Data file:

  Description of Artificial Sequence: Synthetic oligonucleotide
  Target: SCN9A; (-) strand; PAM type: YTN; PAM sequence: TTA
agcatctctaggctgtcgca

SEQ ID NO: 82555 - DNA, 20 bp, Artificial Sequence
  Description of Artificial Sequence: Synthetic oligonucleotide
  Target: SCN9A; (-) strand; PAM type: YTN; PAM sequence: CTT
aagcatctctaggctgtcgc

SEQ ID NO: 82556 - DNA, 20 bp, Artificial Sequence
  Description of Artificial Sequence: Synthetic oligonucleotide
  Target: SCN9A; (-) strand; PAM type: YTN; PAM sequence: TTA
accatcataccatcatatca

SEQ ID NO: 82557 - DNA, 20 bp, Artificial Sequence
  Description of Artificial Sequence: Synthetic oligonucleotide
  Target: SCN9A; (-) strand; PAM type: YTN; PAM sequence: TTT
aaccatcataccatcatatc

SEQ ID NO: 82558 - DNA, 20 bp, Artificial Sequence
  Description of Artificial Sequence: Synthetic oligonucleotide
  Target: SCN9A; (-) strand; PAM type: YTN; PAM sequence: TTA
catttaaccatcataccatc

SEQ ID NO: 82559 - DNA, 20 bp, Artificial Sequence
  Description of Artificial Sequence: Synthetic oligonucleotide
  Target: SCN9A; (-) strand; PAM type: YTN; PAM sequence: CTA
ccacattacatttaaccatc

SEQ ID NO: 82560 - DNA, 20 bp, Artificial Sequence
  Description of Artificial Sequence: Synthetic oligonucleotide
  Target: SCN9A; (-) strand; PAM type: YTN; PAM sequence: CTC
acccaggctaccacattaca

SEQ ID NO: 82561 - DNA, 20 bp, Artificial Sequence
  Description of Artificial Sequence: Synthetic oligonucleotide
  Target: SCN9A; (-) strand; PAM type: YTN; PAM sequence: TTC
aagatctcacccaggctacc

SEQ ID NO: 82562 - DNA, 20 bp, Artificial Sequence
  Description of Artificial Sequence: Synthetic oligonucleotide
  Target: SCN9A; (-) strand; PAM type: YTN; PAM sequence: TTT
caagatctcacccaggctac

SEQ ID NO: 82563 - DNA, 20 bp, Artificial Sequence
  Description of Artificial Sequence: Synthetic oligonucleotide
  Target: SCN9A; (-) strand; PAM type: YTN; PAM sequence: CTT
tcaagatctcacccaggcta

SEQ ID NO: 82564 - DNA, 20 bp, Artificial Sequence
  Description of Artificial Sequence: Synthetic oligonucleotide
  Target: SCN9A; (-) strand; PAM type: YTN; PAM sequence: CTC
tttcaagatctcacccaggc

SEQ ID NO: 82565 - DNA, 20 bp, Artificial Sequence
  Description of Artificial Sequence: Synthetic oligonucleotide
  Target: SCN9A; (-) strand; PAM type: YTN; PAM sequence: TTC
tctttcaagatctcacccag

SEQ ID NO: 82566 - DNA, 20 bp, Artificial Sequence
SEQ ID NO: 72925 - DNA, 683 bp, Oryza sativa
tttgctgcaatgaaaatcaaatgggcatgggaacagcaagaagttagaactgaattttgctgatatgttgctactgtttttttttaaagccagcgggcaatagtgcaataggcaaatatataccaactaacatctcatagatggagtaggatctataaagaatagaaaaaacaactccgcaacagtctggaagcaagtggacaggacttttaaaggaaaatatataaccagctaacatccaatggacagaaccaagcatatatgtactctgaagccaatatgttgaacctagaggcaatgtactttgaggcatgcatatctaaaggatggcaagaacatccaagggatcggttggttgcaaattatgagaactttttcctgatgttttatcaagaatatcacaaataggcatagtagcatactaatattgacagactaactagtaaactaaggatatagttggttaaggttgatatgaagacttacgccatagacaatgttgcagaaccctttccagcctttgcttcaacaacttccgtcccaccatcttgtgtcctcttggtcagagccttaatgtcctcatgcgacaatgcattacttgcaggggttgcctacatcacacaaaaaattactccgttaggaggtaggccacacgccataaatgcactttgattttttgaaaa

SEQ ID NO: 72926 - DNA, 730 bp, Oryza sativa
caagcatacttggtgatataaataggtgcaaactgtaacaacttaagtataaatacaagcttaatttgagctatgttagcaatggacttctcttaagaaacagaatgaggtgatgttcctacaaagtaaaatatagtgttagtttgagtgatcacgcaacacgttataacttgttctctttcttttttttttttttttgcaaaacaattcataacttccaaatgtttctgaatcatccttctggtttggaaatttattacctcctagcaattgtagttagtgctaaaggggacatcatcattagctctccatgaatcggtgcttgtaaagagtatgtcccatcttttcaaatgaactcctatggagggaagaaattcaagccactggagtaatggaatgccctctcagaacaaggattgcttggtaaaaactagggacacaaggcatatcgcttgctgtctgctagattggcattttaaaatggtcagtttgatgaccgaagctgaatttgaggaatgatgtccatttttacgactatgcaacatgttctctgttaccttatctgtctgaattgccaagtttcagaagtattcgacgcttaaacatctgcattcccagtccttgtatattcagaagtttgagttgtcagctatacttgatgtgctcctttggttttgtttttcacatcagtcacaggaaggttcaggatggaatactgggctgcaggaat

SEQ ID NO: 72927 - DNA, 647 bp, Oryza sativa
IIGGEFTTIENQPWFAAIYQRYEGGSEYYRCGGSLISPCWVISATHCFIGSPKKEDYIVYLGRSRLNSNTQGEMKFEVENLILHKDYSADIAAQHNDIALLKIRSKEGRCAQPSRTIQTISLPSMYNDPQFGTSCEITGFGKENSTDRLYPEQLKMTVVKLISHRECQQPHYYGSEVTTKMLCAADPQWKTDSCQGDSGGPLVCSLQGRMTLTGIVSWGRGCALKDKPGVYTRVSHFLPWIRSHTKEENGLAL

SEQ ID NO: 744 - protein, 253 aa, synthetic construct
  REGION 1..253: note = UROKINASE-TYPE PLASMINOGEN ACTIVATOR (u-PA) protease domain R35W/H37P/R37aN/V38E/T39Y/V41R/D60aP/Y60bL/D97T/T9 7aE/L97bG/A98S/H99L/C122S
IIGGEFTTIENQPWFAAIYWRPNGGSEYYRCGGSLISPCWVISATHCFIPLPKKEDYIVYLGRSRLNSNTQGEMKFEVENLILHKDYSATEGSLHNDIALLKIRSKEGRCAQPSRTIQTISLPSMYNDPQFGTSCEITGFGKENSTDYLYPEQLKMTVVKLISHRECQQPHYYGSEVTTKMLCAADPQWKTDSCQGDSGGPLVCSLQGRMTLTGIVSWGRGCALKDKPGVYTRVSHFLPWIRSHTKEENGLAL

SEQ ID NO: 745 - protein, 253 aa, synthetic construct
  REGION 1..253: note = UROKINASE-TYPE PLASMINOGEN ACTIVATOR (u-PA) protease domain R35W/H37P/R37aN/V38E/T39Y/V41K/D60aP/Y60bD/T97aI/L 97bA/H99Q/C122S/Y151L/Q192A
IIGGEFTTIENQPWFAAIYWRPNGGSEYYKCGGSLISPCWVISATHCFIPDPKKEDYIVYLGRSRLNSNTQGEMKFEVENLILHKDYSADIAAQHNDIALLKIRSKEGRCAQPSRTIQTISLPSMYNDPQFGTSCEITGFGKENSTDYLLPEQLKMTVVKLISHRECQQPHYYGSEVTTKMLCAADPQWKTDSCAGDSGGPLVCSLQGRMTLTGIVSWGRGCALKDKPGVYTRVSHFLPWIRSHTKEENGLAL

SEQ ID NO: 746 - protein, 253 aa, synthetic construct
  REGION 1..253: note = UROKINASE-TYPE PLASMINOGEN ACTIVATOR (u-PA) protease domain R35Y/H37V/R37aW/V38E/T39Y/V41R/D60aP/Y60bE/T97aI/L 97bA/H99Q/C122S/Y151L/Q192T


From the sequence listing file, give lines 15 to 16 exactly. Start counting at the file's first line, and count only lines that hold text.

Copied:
aaccatcataccatcatatc

SEQ ID NO: 82558 - DNA, 20 bp, Artificial Sequence